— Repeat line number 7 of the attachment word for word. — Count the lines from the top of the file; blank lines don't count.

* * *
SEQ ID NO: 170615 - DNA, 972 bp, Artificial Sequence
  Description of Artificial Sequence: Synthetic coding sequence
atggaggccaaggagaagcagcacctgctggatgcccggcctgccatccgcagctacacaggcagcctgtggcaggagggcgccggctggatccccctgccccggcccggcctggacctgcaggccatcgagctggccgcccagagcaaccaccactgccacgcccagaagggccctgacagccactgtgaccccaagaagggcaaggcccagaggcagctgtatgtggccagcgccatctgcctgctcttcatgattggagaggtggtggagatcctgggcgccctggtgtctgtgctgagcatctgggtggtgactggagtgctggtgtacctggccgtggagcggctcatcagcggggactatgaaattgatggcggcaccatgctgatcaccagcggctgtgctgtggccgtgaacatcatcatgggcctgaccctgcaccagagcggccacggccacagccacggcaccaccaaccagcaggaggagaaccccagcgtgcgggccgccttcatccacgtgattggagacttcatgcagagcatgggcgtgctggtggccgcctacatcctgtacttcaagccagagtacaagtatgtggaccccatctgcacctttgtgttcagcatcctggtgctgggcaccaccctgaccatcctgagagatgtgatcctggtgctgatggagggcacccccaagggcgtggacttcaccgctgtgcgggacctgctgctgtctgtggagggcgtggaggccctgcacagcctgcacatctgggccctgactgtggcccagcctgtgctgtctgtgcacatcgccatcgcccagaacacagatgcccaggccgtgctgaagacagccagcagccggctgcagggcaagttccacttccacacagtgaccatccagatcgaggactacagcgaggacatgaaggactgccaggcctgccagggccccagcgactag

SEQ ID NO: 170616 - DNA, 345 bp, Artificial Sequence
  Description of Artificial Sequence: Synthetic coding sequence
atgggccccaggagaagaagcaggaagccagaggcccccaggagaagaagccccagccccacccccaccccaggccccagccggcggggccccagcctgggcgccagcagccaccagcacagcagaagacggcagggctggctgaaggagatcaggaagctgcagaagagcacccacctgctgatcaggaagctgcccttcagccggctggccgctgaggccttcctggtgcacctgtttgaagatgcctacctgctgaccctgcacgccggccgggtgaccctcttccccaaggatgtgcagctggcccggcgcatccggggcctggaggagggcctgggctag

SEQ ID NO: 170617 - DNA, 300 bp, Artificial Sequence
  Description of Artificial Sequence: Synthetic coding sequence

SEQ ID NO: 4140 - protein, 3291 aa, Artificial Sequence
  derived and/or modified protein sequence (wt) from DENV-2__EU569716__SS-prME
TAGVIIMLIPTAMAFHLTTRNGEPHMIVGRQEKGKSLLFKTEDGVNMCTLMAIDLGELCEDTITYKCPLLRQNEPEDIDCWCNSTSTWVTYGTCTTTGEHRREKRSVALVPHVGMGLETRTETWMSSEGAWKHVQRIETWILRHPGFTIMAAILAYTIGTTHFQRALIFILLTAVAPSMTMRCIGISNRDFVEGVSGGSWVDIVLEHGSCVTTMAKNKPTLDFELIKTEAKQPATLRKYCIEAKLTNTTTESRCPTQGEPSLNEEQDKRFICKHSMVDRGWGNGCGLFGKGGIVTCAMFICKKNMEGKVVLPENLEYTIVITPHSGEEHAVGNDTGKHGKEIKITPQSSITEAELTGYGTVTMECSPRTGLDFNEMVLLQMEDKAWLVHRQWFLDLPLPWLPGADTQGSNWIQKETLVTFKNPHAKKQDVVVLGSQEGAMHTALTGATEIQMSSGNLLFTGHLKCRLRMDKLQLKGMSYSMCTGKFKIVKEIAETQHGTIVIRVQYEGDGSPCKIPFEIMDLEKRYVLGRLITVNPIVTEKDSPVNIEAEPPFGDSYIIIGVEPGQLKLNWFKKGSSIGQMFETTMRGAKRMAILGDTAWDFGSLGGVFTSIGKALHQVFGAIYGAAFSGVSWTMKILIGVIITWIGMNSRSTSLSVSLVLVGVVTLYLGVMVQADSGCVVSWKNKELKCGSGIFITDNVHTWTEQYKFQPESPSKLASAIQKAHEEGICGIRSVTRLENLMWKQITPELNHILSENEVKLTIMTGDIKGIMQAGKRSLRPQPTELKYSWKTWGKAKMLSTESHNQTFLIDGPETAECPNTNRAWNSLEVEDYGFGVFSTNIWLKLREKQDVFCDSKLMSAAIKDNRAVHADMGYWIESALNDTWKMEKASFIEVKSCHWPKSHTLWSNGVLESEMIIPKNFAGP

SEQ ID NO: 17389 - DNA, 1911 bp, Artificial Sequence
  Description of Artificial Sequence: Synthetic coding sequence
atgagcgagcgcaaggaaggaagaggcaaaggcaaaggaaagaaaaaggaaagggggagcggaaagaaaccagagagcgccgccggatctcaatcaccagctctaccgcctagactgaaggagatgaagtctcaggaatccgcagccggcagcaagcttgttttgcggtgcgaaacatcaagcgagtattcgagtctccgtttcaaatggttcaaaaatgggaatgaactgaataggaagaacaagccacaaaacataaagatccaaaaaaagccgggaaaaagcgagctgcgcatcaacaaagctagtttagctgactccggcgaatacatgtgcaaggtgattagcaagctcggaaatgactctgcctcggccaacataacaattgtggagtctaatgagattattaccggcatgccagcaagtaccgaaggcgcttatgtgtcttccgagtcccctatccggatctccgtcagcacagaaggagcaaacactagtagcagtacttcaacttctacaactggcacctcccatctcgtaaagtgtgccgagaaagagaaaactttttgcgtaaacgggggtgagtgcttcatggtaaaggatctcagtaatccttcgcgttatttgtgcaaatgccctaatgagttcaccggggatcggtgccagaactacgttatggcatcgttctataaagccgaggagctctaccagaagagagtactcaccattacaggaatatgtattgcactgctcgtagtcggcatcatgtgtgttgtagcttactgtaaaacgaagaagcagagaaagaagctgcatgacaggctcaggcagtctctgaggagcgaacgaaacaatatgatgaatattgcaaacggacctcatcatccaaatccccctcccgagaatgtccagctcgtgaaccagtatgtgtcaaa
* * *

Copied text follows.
SEQ ID NO: 170617 - DNA, 300 bp, Artificial Sequence